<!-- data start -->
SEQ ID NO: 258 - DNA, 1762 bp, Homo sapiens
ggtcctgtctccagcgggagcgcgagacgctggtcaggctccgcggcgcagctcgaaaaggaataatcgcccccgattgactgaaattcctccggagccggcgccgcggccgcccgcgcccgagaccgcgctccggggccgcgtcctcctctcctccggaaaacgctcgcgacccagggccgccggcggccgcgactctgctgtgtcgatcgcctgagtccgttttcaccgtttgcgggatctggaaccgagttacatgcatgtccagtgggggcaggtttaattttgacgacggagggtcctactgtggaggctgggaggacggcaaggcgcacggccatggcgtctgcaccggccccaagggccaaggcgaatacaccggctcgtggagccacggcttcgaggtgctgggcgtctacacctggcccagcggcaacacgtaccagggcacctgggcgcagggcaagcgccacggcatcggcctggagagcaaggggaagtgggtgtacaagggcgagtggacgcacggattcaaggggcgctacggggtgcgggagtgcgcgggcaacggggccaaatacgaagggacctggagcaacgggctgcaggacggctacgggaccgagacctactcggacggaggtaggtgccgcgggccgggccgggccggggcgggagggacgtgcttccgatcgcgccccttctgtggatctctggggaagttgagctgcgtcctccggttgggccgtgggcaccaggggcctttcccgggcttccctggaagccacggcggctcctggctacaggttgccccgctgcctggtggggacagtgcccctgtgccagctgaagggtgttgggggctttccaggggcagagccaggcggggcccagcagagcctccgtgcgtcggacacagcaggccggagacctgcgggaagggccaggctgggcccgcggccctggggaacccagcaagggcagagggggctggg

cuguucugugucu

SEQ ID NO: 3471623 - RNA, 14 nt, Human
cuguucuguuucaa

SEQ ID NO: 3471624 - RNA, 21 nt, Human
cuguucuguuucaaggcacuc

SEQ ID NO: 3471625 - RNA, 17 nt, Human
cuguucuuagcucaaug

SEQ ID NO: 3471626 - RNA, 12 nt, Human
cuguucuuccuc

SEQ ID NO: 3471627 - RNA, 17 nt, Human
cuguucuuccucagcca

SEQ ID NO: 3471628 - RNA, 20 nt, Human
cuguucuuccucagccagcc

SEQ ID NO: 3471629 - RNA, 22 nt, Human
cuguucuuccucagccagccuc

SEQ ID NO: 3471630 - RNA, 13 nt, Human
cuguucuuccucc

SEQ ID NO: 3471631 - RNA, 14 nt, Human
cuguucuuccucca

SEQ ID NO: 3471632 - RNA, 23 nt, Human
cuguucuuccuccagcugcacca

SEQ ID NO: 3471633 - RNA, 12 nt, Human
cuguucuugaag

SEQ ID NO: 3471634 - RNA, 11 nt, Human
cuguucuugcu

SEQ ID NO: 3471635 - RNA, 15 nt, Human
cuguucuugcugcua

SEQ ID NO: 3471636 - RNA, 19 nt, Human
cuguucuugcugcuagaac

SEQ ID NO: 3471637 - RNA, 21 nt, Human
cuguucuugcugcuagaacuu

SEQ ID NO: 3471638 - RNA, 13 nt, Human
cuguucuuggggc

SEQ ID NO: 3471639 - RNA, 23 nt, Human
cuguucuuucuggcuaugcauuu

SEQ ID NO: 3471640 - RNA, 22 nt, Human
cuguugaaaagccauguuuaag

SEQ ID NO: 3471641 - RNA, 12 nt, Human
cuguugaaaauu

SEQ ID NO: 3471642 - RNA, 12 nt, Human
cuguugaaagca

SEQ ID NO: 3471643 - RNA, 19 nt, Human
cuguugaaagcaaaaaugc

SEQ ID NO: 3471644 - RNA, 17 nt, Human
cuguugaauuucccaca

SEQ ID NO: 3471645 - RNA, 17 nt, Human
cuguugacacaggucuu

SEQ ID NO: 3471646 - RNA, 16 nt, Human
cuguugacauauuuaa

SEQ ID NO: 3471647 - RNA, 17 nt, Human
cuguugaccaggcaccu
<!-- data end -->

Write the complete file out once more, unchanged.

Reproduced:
SEQ ID NO: 258 - DNA, 1762 bp, Homo sapiens
ggtcctgtctccagcgggagcgcgagacgctggtcaggctccgcggcgcagctcgaaaaggaataatcgcccccgattgactgaaattcctccggagccggcgccgcggccgcccgcgcccgagaccgcgctccggggccgcgtcctcctctcctccggaaaacgctcgcgacccagggccgccggcggccgcgactctgctgtgtcgatcgcctgagtccgttttcaccgtttgcgggatctggaaccgagttacatgcatgtccagtgggggcaggtttaattttgacgacggagggtcctactgtggaggctgggaggacggcaaggcgcacggccatggcgtctgcaccggccccaagggccaaggcgaatacaccggctcgtggagccacggcttcgaggtgctgggcgtctacacctggcccagcggcaacacgtaccagggcacctgggcgcagggcaagcgccacggcatcggcctggagagcaaggggaagtgggtgtacaagggcgagtggacgcacggattcaaggggcgctacggggtgcgggagtgcgcgggcaacggggccaaatacgaagggacctggagcaacgggctgcaggacggctacgggaccgagacctactcggacggaggtaggtgccgcgggccgggccgggccggggcgggagggacgtgcttccgatcgcgccccttctgtggatctctggggaagttgagctgcgtcctccggttgggccgtgggcaccaggggcctttcccgggcttccctggaagccacggcggctcctggctacaggttgccccgctgcctggtggggacagtgcccctgtgccagctgaagggtgttgggggctttccaggggcagagccaggcggggcccagcagagcctccgtgcgtcggacacagcaggccggagacctgcgggaagggccaggctgggcccgcggccctggggaacccagcaagggcagagggggctggg

cuguucugugucu

SEQ ID NO: 3471623 - RNA, 14 nt, Human
cuguucuguuucaa

SEQ ID NO: 3471624 - RNA, 21 nt, Human
cuguucuguuucaaggcacuc

SEQ ID NO: 3471625 - RNA, 17 nt, Human
cuguucuuagcucaaug

SEQ ID NO: 3471626 - RNA, 12 nt, Human
cuguucuuccuc

SEQ ID NO: 3471627 - RNA, 17 nt, Human
cuguucuuccucagcca

SEQ ID NO: 3471628 - RNA, 20 nt, Human
cuguucuuccucagccagcc

SEQ ID NO: 3471629 - RNA, 22 nt, Human
cuguucuuccucagccagccuc

SEQ ID NO: 3471630 - RNA, 13 nt, Human
cuguucuuccucc

SEQ ID NO: 3471631 - RNA, 14 nt, Human
cuguucuuccucca

SEQ ID NO: 3471632 - RNA, 23 nt, Human
cuguucuuccuccagcugcacca

SEQ ID NO: 3471633 - RNA, 12 nt, Human
cuguucuugaag

SEQ ID NO: 3471634 - RNA, 11 nt, Human
cuguucuugcu

SEQ ID NO: 3471635 - RNA, 15 nt, Human
cuguucuugcugcua

SEQ ID NO: 3471636 - RNA, 19 nt, Human
cuguucuugcugcuagaac

SEQ ID NO: 3471637 - RNA, 21 nt, Human
cuguucuugcugcuagaacuu

SEQ ID NO: 3471638 - RNA, 13 nt, Human
cuguucuuggggc

SEQ ID NO: 3471639 - RNA, 23 nt, Human
cuguucuuucuggcuaugcauuu

SEQ ID NO: 3471640 - RNA, 22 nt, Human
cuguugaaaagccauguuuaag

SEQ ID NO: 3471641 - RNA, 12 nt, Human
cuguugaaaauu

SEQ ID NO: 3471642 - RNA, 12 nt, Human
cuguugaaagca

SEQ ID NO: 3471643 - RNA, 19 nt, Human
cuguugaaagcaaaaaugc

SEQ ID NO: 3471644 - RNA, 17 nt, Human
cuguugaauuucccaca

SEQ ID NO: 3471645 - RNA, 17 nt, Human
cuguugacacaggucuu

SEQ ID NO: 3471646 - RNA, 16 nt, Human
cuguugacauauuuaa

SEQ ID NO: 3471647 - RNA, 17 nt, Human
cuguugaccaggcaccu